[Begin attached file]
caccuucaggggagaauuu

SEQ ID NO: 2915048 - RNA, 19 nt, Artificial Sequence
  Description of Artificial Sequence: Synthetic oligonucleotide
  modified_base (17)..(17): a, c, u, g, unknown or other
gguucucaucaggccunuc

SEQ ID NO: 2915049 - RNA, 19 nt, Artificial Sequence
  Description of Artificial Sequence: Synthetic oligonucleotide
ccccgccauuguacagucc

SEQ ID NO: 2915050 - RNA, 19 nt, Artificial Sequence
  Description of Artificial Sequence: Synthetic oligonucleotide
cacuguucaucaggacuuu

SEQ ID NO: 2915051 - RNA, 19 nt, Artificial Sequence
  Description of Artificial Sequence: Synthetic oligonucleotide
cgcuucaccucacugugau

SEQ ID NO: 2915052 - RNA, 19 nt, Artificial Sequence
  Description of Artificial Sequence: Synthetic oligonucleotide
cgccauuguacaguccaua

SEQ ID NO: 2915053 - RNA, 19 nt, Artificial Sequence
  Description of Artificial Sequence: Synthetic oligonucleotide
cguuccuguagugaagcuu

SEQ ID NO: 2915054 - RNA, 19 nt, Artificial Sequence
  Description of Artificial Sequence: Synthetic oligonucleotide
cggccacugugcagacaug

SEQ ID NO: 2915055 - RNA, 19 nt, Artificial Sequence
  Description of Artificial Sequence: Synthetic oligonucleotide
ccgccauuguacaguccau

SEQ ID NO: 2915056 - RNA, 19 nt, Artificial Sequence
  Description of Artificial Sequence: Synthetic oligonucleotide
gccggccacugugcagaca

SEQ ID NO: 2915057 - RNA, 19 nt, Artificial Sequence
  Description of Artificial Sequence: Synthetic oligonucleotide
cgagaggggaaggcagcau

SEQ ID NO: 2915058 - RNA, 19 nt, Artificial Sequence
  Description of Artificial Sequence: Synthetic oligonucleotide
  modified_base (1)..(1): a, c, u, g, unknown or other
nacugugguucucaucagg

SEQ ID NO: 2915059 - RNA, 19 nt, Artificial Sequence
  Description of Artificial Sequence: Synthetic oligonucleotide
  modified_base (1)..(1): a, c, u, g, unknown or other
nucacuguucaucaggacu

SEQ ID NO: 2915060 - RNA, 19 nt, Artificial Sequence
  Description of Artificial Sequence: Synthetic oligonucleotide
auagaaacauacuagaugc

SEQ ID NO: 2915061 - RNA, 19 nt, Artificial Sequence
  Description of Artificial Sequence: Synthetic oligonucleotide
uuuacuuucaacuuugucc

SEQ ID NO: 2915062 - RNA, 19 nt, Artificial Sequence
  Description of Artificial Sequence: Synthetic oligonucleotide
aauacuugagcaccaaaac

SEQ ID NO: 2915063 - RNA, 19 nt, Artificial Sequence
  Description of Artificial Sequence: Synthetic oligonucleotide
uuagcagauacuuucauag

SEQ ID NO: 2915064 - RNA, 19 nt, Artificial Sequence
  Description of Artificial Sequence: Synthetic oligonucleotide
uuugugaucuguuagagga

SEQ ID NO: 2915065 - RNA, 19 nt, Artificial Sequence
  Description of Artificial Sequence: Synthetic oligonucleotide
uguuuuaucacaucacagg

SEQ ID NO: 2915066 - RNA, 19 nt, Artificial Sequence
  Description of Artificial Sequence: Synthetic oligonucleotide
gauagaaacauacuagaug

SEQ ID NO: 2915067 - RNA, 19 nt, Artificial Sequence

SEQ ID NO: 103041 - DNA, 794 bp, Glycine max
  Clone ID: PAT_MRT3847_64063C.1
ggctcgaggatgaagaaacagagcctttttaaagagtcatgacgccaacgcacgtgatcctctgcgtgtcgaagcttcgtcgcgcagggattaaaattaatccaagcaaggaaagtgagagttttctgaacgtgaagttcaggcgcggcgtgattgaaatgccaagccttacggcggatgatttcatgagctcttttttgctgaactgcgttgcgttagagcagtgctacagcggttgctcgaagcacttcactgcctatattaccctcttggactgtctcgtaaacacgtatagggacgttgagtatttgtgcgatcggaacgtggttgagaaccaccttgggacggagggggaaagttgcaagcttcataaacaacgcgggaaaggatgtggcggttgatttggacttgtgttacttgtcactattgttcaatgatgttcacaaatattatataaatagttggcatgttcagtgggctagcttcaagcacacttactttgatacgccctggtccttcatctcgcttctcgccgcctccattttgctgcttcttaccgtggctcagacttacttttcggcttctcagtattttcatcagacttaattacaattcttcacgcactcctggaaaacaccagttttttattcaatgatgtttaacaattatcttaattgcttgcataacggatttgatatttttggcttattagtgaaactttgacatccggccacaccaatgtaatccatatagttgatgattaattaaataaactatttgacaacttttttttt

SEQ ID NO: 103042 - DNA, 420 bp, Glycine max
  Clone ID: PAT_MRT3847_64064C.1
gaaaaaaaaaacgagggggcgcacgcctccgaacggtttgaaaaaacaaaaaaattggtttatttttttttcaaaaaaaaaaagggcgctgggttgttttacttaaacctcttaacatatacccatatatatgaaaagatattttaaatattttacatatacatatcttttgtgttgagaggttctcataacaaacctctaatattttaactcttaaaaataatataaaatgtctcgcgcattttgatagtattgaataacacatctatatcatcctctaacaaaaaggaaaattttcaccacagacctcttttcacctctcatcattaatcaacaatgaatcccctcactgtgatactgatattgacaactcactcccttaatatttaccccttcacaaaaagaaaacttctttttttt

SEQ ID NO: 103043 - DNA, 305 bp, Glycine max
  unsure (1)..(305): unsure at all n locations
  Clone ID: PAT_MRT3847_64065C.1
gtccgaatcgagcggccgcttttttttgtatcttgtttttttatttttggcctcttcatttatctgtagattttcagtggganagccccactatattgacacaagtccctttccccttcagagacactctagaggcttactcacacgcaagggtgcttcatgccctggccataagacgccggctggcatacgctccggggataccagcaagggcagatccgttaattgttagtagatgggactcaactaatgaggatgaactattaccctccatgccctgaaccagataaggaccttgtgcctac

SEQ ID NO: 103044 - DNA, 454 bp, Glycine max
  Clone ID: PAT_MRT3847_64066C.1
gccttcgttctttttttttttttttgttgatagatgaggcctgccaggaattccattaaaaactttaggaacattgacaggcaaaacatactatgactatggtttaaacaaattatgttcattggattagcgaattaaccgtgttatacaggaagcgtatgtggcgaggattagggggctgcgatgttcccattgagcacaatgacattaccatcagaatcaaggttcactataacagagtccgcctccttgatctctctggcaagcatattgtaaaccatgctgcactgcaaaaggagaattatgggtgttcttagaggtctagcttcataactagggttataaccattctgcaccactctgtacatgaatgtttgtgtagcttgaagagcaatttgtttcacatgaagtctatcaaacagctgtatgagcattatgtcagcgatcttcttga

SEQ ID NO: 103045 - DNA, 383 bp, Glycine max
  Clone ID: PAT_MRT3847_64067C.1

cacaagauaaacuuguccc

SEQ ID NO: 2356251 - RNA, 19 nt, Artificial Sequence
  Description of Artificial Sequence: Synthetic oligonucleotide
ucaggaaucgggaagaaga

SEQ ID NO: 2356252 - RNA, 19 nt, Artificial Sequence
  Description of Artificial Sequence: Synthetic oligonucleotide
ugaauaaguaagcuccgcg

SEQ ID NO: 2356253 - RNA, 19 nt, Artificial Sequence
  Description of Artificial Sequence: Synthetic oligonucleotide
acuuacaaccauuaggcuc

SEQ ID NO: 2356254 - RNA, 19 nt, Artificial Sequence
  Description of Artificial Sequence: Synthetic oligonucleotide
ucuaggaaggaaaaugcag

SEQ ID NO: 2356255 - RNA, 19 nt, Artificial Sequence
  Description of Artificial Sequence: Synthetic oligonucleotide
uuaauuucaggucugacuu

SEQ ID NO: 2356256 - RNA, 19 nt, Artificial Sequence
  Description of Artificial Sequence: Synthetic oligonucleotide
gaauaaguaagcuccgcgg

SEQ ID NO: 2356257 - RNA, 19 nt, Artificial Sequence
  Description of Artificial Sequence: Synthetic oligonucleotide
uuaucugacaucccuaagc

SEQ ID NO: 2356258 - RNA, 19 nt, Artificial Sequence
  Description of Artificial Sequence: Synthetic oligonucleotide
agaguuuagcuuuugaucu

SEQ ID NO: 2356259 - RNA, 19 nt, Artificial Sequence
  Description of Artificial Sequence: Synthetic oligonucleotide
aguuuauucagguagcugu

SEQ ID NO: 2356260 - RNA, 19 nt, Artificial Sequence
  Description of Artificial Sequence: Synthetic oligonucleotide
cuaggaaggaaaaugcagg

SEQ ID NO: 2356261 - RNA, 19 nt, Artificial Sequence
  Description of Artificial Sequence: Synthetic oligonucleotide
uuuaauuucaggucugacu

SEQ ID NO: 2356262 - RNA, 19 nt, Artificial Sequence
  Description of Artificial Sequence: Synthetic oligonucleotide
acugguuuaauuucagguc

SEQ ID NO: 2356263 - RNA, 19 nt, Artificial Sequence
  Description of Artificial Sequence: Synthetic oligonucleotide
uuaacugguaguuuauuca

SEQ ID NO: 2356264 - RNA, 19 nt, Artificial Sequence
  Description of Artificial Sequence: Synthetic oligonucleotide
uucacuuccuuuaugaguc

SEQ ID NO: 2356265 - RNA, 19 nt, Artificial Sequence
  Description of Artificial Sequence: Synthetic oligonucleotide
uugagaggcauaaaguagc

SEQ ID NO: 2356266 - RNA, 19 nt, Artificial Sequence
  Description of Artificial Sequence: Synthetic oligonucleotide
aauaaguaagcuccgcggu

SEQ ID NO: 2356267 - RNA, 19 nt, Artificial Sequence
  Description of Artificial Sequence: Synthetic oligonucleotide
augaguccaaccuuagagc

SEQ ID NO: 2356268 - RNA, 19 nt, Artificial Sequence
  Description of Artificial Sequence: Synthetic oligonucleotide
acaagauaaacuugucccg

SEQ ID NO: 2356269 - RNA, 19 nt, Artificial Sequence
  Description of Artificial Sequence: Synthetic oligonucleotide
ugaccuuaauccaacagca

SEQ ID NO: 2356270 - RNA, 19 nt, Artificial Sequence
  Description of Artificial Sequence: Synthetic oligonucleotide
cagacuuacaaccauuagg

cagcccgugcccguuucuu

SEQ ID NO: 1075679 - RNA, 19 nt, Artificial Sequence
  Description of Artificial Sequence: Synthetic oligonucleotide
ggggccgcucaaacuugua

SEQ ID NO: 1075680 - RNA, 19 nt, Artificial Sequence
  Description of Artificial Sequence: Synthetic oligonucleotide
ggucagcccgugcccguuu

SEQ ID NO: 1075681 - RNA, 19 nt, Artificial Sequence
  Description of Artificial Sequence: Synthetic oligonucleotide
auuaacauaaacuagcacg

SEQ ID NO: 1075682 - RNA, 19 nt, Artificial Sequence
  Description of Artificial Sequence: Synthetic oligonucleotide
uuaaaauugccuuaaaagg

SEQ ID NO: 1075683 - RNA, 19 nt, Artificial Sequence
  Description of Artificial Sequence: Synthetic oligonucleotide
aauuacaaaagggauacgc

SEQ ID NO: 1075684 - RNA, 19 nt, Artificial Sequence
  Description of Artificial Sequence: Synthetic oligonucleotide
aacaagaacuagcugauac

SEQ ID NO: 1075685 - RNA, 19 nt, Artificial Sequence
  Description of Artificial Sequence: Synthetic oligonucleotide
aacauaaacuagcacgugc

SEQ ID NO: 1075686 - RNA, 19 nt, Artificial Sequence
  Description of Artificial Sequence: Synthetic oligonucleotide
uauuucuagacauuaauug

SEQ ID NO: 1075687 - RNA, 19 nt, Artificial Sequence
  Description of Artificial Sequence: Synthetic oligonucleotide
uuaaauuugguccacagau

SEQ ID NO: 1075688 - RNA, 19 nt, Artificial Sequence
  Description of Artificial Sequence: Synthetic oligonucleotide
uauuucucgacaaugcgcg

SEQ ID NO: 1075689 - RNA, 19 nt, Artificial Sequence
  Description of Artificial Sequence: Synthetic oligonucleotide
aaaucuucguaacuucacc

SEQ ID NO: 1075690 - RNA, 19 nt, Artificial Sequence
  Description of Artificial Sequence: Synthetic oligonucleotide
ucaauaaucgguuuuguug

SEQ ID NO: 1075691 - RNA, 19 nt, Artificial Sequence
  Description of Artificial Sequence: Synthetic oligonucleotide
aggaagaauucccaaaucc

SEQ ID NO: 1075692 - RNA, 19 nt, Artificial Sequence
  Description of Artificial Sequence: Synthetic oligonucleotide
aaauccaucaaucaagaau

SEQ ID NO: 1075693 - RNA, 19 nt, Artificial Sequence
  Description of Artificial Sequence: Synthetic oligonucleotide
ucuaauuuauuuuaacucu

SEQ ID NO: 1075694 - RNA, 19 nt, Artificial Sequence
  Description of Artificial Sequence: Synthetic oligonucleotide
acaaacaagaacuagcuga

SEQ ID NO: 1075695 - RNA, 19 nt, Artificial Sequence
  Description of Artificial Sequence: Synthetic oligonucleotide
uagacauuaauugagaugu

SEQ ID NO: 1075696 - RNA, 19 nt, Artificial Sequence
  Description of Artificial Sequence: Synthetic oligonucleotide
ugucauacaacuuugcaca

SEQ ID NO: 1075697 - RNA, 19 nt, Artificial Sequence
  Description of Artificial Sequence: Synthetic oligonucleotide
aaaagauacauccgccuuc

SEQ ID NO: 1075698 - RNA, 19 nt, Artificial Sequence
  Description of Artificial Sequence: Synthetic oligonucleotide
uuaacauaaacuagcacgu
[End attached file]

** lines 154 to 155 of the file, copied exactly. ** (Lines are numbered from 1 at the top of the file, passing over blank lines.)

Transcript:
aauuacaaaagggauacgc

SEQ ID NO: 1075684 - RNA, 19 nt, Artificial Sequence